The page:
The Missouri Department of Transportation’s (MoDOT) popular litter prevention program — the Adopt-A-Highway Program — turns 30 this year. MoDOT officials noted the milestone Thursday, April 20 with a celebration in Jefferson City featuring area Adopt-A-Highway volunteers.
Texas started the program in the mid-1980s as an effort to involve citizens to help clean state highways. Missouri followed suit in 1987. Today in Missouri, more than 5,200 groups and 50,000 volunteers participate in the program, and more than 6,200 miles of roadway have been adopted.
Adopter groups include commercial and private enterprises, civic and non-profit organizations, families and individuals. Adopters perform about $1 million a year in litter cleanup and beautification efforts.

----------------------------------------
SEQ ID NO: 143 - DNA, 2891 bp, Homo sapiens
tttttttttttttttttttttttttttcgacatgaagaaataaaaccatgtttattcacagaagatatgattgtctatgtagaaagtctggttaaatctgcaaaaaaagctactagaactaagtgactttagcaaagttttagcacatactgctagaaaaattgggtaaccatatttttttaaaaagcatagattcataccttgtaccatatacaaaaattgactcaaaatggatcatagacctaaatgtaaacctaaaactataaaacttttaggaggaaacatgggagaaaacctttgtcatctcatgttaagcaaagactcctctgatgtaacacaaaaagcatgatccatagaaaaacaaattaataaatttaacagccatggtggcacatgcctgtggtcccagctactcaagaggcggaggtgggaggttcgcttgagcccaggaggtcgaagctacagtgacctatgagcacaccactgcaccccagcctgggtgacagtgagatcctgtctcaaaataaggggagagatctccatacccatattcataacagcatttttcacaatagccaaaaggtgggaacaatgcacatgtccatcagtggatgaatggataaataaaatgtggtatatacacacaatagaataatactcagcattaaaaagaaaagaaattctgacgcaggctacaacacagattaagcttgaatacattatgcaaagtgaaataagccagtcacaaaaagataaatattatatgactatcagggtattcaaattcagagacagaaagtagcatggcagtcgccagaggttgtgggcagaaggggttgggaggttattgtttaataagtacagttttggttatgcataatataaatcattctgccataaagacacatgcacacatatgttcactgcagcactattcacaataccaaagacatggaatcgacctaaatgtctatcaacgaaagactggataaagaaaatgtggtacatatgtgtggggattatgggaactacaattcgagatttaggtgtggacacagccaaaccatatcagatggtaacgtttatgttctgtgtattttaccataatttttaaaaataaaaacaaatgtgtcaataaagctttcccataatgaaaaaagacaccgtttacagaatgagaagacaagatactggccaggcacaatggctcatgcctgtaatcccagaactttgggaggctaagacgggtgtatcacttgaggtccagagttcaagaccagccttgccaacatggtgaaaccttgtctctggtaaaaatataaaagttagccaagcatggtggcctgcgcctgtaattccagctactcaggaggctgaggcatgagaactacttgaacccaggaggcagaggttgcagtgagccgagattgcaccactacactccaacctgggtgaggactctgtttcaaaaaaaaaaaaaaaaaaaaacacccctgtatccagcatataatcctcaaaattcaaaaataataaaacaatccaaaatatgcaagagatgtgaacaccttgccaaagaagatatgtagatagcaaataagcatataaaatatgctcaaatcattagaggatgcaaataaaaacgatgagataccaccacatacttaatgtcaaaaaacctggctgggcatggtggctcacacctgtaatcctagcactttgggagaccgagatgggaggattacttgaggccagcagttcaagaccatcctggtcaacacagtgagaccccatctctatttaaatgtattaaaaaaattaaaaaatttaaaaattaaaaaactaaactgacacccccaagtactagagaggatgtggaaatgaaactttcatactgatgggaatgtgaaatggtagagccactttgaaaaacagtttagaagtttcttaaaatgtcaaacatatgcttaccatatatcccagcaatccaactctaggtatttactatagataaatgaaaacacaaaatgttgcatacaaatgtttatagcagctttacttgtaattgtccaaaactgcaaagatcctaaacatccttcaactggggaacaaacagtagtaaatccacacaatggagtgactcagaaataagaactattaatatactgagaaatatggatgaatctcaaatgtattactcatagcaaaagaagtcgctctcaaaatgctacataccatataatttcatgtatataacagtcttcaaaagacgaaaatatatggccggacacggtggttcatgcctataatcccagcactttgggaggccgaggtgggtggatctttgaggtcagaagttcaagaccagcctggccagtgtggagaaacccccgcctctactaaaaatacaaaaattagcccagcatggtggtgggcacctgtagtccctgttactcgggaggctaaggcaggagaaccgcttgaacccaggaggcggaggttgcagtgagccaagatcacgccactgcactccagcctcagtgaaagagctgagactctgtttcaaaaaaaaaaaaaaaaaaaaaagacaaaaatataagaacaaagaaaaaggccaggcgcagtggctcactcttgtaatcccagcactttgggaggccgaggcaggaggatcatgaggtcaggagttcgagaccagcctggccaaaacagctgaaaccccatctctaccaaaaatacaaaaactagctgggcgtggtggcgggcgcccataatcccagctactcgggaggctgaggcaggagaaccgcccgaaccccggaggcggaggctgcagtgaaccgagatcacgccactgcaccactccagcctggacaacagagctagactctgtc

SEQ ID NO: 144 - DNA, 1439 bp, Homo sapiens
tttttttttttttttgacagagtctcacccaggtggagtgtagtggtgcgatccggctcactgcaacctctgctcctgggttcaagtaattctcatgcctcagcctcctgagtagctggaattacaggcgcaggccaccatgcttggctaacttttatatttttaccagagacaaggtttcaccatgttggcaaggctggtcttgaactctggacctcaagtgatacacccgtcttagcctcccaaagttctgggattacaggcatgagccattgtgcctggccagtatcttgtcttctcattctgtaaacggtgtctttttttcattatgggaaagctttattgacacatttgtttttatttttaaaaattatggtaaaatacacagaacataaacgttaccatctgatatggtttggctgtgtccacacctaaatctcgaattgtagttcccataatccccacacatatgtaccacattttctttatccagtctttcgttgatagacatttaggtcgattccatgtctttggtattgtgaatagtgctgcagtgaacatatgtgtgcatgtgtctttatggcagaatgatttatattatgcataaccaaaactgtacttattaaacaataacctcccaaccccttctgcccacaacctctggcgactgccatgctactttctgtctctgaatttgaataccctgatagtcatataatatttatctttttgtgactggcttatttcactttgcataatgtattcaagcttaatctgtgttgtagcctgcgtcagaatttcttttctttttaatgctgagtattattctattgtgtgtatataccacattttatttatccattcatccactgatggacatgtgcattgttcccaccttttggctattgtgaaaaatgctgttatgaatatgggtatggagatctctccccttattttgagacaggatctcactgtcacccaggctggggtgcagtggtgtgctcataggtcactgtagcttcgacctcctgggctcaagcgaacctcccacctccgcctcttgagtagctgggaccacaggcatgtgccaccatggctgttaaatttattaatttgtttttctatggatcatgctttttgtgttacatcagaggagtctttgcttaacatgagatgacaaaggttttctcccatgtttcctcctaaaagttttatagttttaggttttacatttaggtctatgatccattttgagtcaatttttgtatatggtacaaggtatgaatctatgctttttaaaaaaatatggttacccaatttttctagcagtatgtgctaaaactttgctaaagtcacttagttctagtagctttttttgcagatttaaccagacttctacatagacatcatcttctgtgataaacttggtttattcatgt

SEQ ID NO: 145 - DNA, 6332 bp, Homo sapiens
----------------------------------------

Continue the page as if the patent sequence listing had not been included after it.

"This extra help allows us to devote resources to other much needed tasks," said MoDOT Chief Engineer Ed Hassinger.
Participants in the program have four options: clean up litter; mow; beautify through landscaping or plant native Missouri wildflowers and grasses. MoDOT provides adopters with a certificate of appreciation, safety training and materials and a sign with the group’s name posted on each end of the adopted highway section. MoDOT also provides trash bags and pick up and disposal.
Adopters must agree to adopt at least a half-mile of urban roadside or two miles of rural roadside; collect litter at least four times a year; sign a three-year agreement; submit an activity report to MoDOT and follow all safety procedures.
More information about the program is available at www.modot.org/services/community/adoptahighway.htm .